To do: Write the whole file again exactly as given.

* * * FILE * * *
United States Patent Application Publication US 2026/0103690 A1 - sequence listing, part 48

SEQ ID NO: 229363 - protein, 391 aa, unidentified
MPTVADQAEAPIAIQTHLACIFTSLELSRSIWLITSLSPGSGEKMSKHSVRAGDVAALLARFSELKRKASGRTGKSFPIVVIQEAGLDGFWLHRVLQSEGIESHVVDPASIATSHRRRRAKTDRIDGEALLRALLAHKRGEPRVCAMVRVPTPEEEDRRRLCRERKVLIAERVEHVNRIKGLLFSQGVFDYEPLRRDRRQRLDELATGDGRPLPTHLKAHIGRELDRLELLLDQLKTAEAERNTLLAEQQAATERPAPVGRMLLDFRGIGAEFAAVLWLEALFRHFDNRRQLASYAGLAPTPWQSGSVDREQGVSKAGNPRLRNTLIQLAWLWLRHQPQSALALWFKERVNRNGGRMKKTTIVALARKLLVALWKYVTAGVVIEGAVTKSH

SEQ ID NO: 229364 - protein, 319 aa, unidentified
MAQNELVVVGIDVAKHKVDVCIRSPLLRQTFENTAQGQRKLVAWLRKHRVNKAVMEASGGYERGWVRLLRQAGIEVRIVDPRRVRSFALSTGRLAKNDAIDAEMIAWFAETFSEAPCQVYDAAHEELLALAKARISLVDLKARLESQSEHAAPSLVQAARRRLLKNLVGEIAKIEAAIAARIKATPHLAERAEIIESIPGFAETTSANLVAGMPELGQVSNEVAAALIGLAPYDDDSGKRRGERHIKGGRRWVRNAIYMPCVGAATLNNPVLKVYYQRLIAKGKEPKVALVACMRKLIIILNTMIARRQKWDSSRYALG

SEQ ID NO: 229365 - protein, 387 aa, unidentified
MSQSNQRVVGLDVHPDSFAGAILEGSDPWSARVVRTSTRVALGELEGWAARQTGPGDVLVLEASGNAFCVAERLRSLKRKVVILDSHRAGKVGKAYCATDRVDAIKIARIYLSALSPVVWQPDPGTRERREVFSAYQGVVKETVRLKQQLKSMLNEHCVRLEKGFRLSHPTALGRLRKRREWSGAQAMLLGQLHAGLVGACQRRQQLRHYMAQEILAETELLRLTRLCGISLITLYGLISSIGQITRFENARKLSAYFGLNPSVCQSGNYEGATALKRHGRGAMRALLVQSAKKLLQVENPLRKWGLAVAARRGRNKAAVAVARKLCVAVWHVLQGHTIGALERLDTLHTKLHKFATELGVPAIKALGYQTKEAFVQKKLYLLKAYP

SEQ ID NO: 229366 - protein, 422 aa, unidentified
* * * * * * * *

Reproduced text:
United States Patent Application Publication US 2026/0103690 A1 - sequence listing, part 48

SEQ ID NO: 229363 - protein, 391 aa, unidentified
MPTVADQAEAPIAIQTHLACIFTSLELSRSIWLITSLSPGSGEKMSKHSVRAGDVAALLARFSELKRKASGRTGKSFPIVVIQEAGLDGFWLHRVLQSEGIESHVVDPASIATSHRRRRAKTDRIDGEALLRALLAHKRGEPRVCAMVRVPTPEEEDRRRLCRERKVLIAERVEHVNRIKGLLFSQGVFDYEPLRRDRRQRLDELATGDGRPLPTHLKAHIGRELDRLELLLDQLKTAEAERNTLLAEQQAATERPAPVGRMLLDFRGIGAEFAAVLWLEALFRHFDNRRQLASYAGLAPTPWQSGSVDREQGVSKAGNPRLRNTLIQLAWLWLRHQPQSALALWFKERVNRNGGRMKKTTIVALARKLLVALWKYVTAGVVIEGAVTKSH

SEQ ID NO: 229364 - protein, 319 aa, unidentified
MAQNELVVVGIDVAKHKVDVCIRSPLLRQTFENTAQGQRKLVAWLRKHRVNKAVMEASGGYERGWVRLLRQAGIEVRIVDPRRVRSFALSTGRLAKNDAIDAEMIAWFAETFSEAPCQVYDAAHEELLALAKARISLVDLKARLESQSEHAAPSLVQAARRRLLKNLVGEIAKIEAAIAARIKATPHLAERAEIIESIPGFAETTSANLVAGMPELGQVSNEVAAALIGLAPYDDDSGKRRGERHIKGGRRWVRNAIYMPCVGAATLNNPVLKVYYQRLIAKGKEPKVALVACMRKLIIILNTMIARRQKWDSSRYALG

SEQ ID NO: 229365 - protein, 387 aa, unidentified
MSQSNQRVVGLDVHPDSFAGAILEGSDPWSARVVRTSTRVALGELEGWAARQTGPGDVLVLEASGNAFCVAERLRSLKRKVVILDSHRAGKVGKAYCATDRVDAIKIARIYLSALSPVVWQPDPGTRERREVFSAYQGVVKETVRLKQQLKSMLNEHCVRLEKGFRLSHPTALGRLRKRREWSGAQAMLLGQLHAGLVGACQRRQQLRHYMAQEILAETELLRLTRLCGISLITLYGLISSIGQITRFENARKLSAYFGLNPSVCQSGNYEGATALKRHGRGAMRALLVQSAKKLLQVENPLRKWGLAVAARRGRNKAAVAVARKLCVAVWHVLQGHTIGALERLDTLHTKLHKFATELGVPAIKALGYQTKEAFVQKKLYLLKAYP

SEQ ID NO: 229366 - protein, 422 aa, unidentified